- Artificial intelligence company Trigo has entered a partnership agreement with Google Cloud under which the companies will collaborate to help retailers employ artificial intelligence to manage the checkout process in their stores, the Israeli tech startup announced in a press release.
- Trigo, which already uses Google Cloud infrastructure to support the computer vision-based autonomous checkout technology it markets to retailers, said it will work with Google to "help retail businesses accelerate their digital transformations with AI-powered autonomous stores," but did not provide further details about the arrangement.
- Trigo has been stepping up its efforts to stand out in the frictionless retail space as rivals also direct resources toward technology that lets shoppers make purchases at stores without stopping at a checkout counter.
Trigo's partnership with Google reflects the Tel Aviv, Israel-based company's drive to build momentum as it looks to grab a share of the fledgling market for systems that let shoppers simply take items from store shelves and walk out.
Earlier this month, Trigo disclosed that it is working with German retailer REWE Group to add grab-and-go checkout technology to a new store in Cologne, Germany. Concurrent with that announcement, Trigo said REWE has become an investor in the tech company along with Viola Growth, an Israeli investment firm.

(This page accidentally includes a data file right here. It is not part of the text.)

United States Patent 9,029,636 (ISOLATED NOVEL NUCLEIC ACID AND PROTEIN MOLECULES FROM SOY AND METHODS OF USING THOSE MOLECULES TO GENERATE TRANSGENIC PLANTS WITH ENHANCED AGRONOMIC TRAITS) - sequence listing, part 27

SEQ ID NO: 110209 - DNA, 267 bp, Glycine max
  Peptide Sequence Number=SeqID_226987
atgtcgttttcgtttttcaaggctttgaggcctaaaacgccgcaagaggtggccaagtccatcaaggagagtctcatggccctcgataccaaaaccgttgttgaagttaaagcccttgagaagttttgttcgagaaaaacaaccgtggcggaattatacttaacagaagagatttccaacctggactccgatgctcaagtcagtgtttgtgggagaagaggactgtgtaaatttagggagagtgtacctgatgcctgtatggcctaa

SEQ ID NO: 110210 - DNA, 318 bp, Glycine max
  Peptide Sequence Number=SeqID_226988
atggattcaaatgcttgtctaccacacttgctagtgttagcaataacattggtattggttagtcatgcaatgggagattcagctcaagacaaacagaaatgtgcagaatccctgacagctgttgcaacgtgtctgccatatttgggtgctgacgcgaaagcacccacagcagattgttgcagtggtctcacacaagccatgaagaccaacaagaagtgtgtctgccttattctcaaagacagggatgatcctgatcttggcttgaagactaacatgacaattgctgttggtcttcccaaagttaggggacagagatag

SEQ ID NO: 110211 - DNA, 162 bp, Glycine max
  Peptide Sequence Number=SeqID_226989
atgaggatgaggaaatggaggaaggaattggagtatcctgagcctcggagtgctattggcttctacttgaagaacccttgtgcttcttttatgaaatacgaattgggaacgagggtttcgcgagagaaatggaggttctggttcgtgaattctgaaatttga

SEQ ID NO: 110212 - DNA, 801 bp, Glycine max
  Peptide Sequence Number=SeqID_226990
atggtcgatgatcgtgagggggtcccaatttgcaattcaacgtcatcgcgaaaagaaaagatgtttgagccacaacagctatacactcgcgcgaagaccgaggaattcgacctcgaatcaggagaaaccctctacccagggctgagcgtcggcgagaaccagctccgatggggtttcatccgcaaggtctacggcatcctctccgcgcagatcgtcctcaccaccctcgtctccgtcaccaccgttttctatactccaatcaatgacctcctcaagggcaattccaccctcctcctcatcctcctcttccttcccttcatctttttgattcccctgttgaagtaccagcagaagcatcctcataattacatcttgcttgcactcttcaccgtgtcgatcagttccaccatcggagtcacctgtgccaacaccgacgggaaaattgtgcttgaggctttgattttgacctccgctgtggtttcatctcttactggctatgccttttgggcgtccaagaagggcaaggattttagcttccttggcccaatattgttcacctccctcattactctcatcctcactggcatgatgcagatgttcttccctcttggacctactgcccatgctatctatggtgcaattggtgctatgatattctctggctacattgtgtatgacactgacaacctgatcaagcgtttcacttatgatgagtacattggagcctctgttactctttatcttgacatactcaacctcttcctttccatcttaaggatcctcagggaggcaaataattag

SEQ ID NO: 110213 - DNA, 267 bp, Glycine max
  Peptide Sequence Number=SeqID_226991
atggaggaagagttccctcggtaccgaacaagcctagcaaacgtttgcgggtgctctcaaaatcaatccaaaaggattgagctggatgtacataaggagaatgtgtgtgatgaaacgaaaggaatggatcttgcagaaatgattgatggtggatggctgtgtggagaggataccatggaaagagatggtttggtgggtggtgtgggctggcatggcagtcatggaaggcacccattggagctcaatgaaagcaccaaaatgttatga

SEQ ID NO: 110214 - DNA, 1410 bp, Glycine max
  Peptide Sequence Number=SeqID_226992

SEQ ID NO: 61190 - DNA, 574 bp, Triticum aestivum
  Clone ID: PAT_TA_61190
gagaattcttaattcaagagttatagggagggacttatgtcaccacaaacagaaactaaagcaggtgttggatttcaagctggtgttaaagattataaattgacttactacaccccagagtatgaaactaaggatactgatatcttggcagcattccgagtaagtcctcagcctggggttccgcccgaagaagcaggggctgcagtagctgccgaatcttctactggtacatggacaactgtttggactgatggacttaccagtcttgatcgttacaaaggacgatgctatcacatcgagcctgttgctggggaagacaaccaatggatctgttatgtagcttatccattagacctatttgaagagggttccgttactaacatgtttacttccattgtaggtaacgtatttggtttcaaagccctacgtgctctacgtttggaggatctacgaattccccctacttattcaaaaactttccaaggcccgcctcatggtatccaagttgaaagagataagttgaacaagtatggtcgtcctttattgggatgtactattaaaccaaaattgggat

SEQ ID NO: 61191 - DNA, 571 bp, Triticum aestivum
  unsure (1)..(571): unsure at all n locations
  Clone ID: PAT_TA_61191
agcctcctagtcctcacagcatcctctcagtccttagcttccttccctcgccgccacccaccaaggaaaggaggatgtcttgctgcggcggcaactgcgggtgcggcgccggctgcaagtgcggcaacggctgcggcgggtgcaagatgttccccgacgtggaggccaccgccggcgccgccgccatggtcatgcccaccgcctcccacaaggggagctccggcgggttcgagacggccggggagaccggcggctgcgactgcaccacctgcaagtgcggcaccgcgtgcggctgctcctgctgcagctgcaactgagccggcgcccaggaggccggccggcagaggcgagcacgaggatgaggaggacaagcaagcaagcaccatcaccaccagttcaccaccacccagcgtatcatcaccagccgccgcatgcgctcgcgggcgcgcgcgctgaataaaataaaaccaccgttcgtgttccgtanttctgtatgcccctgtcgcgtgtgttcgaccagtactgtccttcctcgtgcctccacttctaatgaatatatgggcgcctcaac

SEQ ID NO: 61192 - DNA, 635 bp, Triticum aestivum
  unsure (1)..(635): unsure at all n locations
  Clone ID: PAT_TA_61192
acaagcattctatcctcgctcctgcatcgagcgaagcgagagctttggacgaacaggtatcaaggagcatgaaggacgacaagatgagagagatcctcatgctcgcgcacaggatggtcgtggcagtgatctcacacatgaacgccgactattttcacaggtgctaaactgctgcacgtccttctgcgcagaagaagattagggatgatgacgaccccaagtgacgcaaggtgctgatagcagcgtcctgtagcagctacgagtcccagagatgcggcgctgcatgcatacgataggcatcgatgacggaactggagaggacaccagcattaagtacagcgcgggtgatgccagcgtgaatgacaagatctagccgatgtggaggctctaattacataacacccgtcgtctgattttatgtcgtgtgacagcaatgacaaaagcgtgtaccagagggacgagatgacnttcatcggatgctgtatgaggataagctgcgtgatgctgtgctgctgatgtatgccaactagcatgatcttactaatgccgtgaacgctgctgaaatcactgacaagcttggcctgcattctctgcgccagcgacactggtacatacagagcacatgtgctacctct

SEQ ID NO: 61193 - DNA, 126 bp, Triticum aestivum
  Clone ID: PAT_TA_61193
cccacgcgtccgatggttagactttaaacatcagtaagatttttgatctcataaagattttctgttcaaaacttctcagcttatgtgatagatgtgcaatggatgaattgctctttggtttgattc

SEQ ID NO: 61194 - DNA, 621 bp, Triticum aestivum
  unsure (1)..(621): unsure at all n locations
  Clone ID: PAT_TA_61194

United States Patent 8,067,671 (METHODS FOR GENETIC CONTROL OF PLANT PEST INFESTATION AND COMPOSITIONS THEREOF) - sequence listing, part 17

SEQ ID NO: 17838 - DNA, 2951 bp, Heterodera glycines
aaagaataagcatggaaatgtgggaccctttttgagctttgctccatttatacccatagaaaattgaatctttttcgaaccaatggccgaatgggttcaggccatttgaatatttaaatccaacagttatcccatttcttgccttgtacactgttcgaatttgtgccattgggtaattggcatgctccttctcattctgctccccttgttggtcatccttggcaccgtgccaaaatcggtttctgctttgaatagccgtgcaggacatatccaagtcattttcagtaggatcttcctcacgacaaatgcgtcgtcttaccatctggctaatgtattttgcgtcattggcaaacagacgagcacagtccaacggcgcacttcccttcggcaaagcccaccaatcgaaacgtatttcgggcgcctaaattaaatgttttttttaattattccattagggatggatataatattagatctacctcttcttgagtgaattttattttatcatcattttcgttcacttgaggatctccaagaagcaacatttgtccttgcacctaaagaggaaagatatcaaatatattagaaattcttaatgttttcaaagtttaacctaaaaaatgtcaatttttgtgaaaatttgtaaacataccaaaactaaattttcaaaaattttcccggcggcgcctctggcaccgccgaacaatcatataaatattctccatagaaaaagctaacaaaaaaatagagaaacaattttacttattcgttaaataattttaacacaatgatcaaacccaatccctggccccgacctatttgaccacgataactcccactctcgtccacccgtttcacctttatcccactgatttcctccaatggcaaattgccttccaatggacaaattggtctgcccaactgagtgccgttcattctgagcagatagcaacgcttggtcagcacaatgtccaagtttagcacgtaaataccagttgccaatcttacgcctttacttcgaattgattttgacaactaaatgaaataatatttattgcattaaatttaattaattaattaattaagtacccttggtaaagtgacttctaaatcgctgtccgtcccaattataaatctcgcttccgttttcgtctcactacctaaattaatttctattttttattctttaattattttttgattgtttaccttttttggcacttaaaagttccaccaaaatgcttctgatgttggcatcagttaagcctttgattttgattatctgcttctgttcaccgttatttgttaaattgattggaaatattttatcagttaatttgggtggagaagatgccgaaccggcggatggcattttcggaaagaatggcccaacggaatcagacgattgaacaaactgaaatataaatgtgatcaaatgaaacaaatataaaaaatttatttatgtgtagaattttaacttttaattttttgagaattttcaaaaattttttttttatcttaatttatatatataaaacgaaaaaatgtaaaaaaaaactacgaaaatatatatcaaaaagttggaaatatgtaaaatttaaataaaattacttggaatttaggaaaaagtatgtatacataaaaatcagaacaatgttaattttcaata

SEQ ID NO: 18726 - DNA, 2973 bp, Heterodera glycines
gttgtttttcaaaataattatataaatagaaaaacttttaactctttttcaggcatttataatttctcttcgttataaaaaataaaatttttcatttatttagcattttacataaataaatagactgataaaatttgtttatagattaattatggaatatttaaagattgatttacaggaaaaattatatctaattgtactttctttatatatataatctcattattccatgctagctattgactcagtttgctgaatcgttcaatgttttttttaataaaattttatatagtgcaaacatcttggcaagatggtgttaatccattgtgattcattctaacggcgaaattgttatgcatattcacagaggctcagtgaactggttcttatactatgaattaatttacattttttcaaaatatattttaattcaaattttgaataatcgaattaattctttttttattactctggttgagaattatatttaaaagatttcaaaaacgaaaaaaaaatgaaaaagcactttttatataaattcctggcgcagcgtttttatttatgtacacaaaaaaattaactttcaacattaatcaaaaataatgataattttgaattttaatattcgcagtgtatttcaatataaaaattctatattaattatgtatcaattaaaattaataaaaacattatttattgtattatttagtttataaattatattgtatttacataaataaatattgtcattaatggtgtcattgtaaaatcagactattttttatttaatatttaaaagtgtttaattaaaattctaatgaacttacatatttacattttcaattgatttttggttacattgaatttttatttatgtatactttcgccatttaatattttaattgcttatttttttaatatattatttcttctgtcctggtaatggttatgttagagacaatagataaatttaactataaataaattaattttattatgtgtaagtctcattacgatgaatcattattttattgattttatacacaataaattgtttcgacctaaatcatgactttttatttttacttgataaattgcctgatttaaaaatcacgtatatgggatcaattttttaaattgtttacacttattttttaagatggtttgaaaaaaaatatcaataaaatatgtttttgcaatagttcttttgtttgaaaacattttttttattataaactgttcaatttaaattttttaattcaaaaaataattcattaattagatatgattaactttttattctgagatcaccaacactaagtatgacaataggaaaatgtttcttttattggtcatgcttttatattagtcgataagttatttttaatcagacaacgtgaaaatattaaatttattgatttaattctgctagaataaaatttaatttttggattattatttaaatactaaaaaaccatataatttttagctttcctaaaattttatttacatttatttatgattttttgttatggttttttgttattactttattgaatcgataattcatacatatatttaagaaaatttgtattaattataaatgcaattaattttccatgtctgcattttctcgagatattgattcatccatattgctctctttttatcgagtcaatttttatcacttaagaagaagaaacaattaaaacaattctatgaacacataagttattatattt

Trigo said the investments brought the amount it has raised so far to more than $100 million. In December, Trigo announced that it had taken in $60 million in a Series B round that at the time pushed its fundraising total above $94 million.
Notably, the December funding round included British supermarket chain Tesco, which has been testing Trigo's camera-based checkout technology at a Tesco Express convenience store at the retailer's headquarters near London. Trigo said Tesco plans to add its technology to another store in a more heavily populated area.
Trigo is also working with Israeli supermarket chain Shufersal to develop its technology, which uses arrays of ceiling-mounted cameras to track shopper activity in stores and record when people remove items from shelves. Trigo says it does not track shoppers' personal identities.
Trigo faces robust competition from several companies that also offer store operators the ability to let customers avoid checkout aisles or self-checkout stations.Earlier this month, Amazon opened its first Fresh grocery store in the United States equipped with its Just Walk Out technology, which like Trigo's system uses cameras to track shoppers and goods in stores. Amazon also offers the technology at a Fresh-branded convenience store in London and at its Go stores in several U.S. cities.
Other companies angling for attention in the frictionless-checkout category include Standard Cognition, Grabango and Zippin, all of which also use camera vision technology.
Google has also been building its presence in the retail arena. In March, the technology giant said it was working with Albertsons to add a string of consumer-facing services through products like including Google Search, Google Maps and Google Pay. Hy-Vee, meanwhile, announced earlier in June that it had agreed to use Google Cloud to enhance its Aisles Online shopping platform.